November 26, 1945.
January 7, 1946.
Negligence — Automobiles — Evidence — Driving on wrong side of highway — Driving without chains.
1. The fact that an automobile is being operated on the wrong side of the highway makes out a prima facie case of negligence. 
2. Failure to equip the wheels of a car with chains is a fact which with other facts may support a finding of negligence. 
Before MAXEY, C. J., DREW, LINN, STERN, PATTERSON, STEARNE and JONES, JJ.
Appeal, No. 137, Jan. T., 1945, from judgment of C. P., Crawford Co., Feb. T., 1944, No. 11, in case of Harry T. Miles, Admr., v. Helen Breed Myers. Judgment reversed.
Trespass for personal injuries. Before KENT, P. J.
Verdict directed for defendant and judgment entered thereon. Plaintiff appealed.
J. Perry Eckels, with him Charles B. Stegner, for appellant.
Gerald D. Prather, with him Kent Kent, for appellee.
Argued November 26, 1945.
This is an action in trespass arising from the collision of two automobiles on an icy road on November 11, 1941. The chief negligence alleged was that the defendant failed to operate her automobile on her right or East portion of the highway, but permitted the automobile to be operated on the left or West side of the highway and directly in front of on-coming traffic. As a result of the collision of the automobiles, Belle Breed Miles, an invited guest in the car operated by the defendant, was injured and as a result of which she died on September 23, 1943. After trial the court gave binding instructions for the defendant. This appeal followed.
It is the contention of the appellant that a prima facie case of negligence was made out and that the defendant's explanation as to the cause of the accident was for the jury. It was testified by the driver of the Dodge car which collided with the defendant's Nash car that the highway was icy and that the defendant's car when the witness first noticed it "was crossways of the road ahead of me quite close and the motor part of the car was over the berm of the road." Mrs. Myers' car had been travelling toward the witness's car. After the collision "the defendant's car swirled right around and the wheels were in the ditch" on the witness's side of the road. "The two cars were facing each other." The Nash car was operated by the defendant, Mrs. Myers. On cross-examination it was developed that the Nash car just before the accident was travelling toward the North and was being driven on the East side of the road. The Dodge car was being driven South on the West side of the road. The Nash car was being driven about 25 miles per hour. "And of a sudden" the Nash car "was in front of the Dodge car quite close to it and on its side of the road." The defendant, Mrs. Myers, testified as to the "very icy" condition of the road. She said she slowed down between 15 and 20 miles per hour and when she "came to this one particular spot" her car "skidded to the left" and the other car struck her car on the right side and turned her car around. Her sister who was in her car was bruised and complained of injuries. The court below in granting binding instructions for the defendant took the view that the plaintiff had not made out a case that would warrant a finding of negligence on the part of the defendant.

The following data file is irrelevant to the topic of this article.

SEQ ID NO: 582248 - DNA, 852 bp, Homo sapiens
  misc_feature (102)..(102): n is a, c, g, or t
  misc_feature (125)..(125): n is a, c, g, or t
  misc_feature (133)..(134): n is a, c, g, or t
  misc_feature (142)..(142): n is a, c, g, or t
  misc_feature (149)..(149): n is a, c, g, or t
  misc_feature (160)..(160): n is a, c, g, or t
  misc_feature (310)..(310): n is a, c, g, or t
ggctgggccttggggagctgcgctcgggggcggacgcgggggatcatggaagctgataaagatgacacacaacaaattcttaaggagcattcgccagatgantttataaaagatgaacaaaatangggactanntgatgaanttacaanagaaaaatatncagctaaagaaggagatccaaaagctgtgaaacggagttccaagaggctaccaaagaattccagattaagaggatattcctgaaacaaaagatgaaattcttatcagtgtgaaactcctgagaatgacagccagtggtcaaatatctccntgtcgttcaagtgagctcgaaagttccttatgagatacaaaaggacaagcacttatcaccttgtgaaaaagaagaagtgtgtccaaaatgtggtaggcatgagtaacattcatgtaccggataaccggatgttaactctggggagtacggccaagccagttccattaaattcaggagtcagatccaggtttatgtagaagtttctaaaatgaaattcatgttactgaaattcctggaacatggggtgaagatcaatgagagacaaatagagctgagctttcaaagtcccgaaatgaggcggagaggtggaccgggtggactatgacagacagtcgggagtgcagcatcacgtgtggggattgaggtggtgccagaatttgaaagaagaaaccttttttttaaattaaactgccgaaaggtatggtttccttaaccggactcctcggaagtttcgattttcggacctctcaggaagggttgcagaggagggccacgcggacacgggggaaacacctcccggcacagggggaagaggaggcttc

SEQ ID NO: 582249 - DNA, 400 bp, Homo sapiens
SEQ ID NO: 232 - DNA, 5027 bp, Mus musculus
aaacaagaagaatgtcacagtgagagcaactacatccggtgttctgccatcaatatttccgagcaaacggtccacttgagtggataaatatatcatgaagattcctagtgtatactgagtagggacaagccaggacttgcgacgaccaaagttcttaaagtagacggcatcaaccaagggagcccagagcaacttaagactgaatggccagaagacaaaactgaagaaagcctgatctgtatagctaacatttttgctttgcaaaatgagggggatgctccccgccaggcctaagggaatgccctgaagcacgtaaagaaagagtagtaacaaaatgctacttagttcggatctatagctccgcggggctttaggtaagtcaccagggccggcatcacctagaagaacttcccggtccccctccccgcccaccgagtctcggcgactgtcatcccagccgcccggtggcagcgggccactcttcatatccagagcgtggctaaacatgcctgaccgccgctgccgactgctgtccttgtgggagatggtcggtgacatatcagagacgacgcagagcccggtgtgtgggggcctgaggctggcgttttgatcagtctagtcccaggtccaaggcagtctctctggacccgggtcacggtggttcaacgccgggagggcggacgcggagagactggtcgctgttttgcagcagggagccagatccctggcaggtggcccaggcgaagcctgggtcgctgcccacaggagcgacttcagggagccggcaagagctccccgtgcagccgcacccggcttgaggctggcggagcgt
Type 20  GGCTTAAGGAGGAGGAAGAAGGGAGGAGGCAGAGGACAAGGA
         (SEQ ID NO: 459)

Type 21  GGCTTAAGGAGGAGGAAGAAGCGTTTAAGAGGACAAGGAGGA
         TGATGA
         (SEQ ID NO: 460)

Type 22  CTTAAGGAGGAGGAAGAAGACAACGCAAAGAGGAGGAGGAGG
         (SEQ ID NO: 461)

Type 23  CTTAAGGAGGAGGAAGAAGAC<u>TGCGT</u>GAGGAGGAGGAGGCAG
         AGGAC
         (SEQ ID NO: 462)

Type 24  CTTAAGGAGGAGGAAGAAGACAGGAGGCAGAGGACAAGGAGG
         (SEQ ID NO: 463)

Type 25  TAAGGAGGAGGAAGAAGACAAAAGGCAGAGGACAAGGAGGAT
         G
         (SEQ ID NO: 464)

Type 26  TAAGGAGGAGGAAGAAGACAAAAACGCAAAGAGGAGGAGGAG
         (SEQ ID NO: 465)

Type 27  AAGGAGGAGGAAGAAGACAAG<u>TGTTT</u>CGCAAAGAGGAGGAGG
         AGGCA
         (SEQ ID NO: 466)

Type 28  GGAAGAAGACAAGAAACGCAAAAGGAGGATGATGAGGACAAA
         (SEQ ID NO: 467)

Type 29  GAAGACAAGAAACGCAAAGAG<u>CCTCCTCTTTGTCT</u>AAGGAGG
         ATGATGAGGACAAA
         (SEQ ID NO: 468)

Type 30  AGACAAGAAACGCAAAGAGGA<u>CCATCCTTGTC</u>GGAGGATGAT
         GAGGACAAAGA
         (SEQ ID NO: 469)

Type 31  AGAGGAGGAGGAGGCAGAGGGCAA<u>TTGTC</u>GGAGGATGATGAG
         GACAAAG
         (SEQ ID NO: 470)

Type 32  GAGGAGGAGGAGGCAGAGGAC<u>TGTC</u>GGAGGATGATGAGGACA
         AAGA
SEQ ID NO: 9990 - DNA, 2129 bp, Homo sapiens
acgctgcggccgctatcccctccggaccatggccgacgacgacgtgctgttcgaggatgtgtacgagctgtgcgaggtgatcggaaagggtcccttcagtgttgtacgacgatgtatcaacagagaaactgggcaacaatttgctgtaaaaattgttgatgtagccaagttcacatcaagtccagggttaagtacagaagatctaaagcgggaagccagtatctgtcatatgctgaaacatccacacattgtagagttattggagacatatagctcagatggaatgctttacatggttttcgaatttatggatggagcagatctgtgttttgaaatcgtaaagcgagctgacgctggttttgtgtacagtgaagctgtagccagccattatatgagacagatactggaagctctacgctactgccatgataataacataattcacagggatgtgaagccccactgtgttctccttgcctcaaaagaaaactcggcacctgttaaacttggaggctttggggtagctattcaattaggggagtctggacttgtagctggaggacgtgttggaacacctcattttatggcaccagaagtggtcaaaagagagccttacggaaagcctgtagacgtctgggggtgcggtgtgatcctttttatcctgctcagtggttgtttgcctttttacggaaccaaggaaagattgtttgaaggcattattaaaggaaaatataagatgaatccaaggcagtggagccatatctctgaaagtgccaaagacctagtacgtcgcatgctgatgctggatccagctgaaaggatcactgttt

In so holding the court erred. Section 1004 of Article X of the Act of May 1, 1929, P. L. 905, 75 P.S. section 521, as amended by Section 1 of the Act of June 9, 1939, P. L. 315, provides that the operator of an automobile "shall drive the same on the right half of the highway . . . unless it is impracticable to travel on such side of the highway, and except when overtaking and passing another vehicle. . ." It has been held that the fact that an automobile is on the wrong side of the highway makes out a prima facie case of negligence. See Amey v. Erb, 296 Pa. 561, 146 A. 141, and Hankey Baking Co. v. Nat. Bread Co., 136 Pa. Sup. 23, 7 A.2d 6. Huddy Automobile Law, Ninth Edition, Vol. 3-4, Section 109, makes this statement: "The failure of the driver of a motor vehicle to keep to the right side of the highway is excused where, without fault on his part, the machine skids across the center line of the road, but where skidding results from negligence, the driver is liable." (citing cases) Since in the instant case the defendant's car was not "on the right side of the highway" and as a result the complained of collision occurred, the question whether or not the illegal location of her car at the time and place in question was due to her negligence was for the jury.
In the instant case the evidence shows that the tires on the defendant's car were not equipped with chains, although the highways were in an icy condition. Failure to equip the wheels of a car with chains is not negligence per se, but it is a fact which with other facts may support a finding of negligence. As the Superior Court said in Fitzpatrick v. Pralon C. D., et al., 129 Pa. Super. 437, at 441, 195 A. 644: "The jury had a right to consider the nature and course of the skidding, the absence of chains, the condition of the pavement, the speed of the truck, the manner in which the truck was operated and the nature of the intersection. The question of the negligence of the driver of the truck was clearly for the jury under the circumstances detailed."
The judgment of the court below is reversed with a venire.